While both are accomplished soloists, they each bring additional strengths as artists: Josué as a composer and improviser, Lisa as a classical guitarist and flamenco dancer. Live and on their five CD recordings, the duo offers a captivating array of Latin music, flamenco and original pieces. They have performed at many notable events and venues, including the Theater at Madison Square Garden, Newport Music Festival Gala, Neuberger Museum at SUNY Purchase, El Museo del Barrio, The Whitney, MOMA, Paso Fino Grand Nationals, and Equitana USA. Return concert engagements include the RISD Museum, First Saturdays at the Brooklyn Museum, Vista on the Hill Music Series, Hamilton Park Hispanic Heritage Month Concerts, Wakefield Music Company, and the Rubin Museum.
Lisa y Josué’s concert series, Noche de guitarras, was featured on New York City’s Channel 13 City Arts, with live performances at Cami Hall, Abrons Arts Center, Julia de Burgos Theater, The Aurora Gallery and others. Media appearances include HBO en Español, Univisión, WADO and WPAT Radio. The duo often performs in community outreach settings, parks, libraries, and schools.
Lisa began her guitar career as a child at the Henry St. Settlement Music School. She studied with Robert Paul Sullivan of the New England Conservatory, and in master classes with Oscar Ghiglia, Lagoya and Paco Peña. A graduate of Brown University with an M.A. in Music Performance from NYU, Lisa has received MCAF awards for her projects New Works for Guitar...by Old Friends 2008 and 18 originales 2019. She is active as a teaching artist through Carnegie Hall’s LinkUp! program, NYC Parks Dept., NYC Public Libraries, Su Casa, and Lifetime Arts.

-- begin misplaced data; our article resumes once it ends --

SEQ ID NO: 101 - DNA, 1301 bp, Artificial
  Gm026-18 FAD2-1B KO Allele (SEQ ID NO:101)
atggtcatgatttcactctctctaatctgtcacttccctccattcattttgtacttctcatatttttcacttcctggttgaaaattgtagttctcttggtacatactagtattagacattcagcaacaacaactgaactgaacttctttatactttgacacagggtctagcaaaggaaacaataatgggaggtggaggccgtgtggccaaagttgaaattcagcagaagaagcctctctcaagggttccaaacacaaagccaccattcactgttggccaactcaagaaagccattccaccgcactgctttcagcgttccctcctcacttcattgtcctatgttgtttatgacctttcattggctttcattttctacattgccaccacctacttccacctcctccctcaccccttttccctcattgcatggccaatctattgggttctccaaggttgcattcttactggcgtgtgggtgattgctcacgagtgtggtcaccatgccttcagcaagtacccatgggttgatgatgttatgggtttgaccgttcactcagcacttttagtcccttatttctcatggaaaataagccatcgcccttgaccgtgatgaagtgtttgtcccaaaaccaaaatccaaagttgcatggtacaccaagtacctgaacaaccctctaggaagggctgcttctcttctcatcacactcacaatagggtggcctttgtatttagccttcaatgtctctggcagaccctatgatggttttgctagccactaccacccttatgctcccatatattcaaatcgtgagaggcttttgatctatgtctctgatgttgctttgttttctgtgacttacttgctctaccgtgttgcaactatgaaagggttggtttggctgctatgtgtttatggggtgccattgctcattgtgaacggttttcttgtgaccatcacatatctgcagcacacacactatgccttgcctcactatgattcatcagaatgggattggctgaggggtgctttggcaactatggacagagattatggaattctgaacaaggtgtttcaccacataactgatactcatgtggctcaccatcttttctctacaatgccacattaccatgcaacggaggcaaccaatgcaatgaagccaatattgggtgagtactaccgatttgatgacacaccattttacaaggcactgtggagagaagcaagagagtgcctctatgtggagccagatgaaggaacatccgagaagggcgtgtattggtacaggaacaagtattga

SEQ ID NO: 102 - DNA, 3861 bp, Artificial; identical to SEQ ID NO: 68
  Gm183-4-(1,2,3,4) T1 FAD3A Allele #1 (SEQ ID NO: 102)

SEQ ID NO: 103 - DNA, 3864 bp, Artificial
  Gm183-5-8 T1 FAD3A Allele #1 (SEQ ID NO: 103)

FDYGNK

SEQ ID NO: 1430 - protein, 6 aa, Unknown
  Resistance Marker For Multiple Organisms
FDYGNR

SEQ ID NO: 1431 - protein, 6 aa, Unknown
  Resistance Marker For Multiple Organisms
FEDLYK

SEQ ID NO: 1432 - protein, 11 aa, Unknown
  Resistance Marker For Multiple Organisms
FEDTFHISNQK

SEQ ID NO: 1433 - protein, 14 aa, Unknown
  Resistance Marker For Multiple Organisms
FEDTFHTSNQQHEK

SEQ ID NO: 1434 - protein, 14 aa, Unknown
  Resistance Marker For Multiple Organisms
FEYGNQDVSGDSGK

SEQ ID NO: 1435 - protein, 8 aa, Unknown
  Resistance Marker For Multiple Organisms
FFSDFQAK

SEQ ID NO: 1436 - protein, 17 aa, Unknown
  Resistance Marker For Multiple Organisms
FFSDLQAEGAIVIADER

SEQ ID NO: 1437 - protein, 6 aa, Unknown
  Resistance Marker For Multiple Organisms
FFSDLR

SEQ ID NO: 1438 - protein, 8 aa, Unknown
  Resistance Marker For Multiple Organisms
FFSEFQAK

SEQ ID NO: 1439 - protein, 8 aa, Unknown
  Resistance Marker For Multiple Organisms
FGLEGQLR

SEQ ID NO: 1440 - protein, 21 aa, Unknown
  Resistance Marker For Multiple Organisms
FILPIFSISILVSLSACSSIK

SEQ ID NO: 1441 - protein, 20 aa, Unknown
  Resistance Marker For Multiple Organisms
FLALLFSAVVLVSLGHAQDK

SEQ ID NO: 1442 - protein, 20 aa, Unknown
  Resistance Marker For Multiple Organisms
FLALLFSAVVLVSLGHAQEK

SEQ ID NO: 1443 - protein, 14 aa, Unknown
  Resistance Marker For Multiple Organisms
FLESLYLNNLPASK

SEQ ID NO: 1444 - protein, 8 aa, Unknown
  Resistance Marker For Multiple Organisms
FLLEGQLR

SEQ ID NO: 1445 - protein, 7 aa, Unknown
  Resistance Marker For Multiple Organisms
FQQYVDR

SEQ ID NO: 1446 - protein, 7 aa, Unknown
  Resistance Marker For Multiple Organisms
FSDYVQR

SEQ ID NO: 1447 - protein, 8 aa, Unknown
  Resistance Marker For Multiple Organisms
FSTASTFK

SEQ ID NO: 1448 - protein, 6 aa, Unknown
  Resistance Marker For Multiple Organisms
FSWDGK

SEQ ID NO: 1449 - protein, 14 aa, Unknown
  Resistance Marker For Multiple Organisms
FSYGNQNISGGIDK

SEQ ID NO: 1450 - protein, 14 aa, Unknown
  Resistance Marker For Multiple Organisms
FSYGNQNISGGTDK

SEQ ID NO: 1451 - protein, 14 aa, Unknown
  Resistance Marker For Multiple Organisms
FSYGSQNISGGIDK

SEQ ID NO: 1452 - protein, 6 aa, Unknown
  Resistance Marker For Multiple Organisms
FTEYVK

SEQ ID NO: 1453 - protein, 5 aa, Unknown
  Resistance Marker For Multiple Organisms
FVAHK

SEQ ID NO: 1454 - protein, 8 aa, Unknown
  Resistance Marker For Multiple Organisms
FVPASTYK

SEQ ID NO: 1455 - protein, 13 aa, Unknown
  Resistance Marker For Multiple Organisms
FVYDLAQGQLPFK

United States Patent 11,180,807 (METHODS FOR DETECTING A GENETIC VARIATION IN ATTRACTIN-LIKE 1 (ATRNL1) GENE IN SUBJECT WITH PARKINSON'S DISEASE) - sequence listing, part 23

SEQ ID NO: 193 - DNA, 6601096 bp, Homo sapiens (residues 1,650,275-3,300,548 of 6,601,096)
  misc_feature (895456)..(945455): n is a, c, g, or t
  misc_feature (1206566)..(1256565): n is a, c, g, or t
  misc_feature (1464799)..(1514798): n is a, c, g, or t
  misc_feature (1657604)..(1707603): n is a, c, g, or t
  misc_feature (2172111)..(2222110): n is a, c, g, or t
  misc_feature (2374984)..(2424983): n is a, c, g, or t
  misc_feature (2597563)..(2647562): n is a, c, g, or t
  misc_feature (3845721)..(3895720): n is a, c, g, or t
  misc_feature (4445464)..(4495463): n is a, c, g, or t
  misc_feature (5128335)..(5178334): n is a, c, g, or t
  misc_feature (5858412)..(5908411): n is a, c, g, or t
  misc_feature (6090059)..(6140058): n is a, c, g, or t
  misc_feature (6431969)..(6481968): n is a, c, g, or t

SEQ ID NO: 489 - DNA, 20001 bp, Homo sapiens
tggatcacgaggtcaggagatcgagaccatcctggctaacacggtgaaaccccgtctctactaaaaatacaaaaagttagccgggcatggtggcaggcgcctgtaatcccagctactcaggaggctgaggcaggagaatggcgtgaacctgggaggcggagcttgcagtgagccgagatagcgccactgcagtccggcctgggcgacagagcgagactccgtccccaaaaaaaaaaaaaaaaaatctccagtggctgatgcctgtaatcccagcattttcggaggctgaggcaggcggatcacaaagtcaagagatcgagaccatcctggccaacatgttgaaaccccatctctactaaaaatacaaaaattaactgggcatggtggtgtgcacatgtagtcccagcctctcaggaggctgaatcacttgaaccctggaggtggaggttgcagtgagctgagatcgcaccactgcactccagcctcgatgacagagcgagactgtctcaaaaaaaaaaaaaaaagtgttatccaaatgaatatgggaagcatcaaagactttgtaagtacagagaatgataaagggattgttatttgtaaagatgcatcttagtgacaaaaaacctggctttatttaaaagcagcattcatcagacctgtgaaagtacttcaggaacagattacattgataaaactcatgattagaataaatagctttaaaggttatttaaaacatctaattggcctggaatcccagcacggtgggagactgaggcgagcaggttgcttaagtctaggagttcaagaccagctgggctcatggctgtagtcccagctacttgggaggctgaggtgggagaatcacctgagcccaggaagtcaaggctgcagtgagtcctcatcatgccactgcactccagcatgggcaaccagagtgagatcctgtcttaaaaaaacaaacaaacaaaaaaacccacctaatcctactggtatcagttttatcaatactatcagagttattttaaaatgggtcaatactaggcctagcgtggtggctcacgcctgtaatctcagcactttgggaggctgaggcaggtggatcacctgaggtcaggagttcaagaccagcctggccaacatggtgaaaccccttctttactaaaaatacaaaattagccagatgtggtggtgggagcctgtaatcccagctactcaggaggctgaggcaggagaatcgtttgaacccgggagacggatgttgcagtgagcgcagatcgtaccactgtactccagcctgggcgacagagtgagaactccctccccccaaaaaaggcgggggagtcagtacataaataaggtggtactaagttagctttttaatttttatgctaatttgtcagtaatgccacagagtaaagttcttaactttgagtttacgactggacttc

Concerts include BAM, National Opera Center, Bargemusic, the Spanish Institute, and Temple E'manuel in Staten Is. Festival performances include DanceNow NYC, with Nydia Ocasio and Tito Sandoval, and 1992 Istanbul Sephardic Music Festival with Daisy Sadaka Braverman. Dance collaborations include Asturias at Second Stage with flamenco dancer Manolo Rivera, Danzules with Regina Quintero in Mexico City, and original music set to modern dance choreographed by Mariko Tanabe, Jolea Maffei, and Jen Dev in NYC.
: Josué Pérez
will no longer be performing at this event as of December 12, 2022. Instead, Percussionist Tito Ocasio
will be joining Lisa Spraragen
on stage for the performance.
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This program is generously sponsored by the Center for Cultural Vibrancy.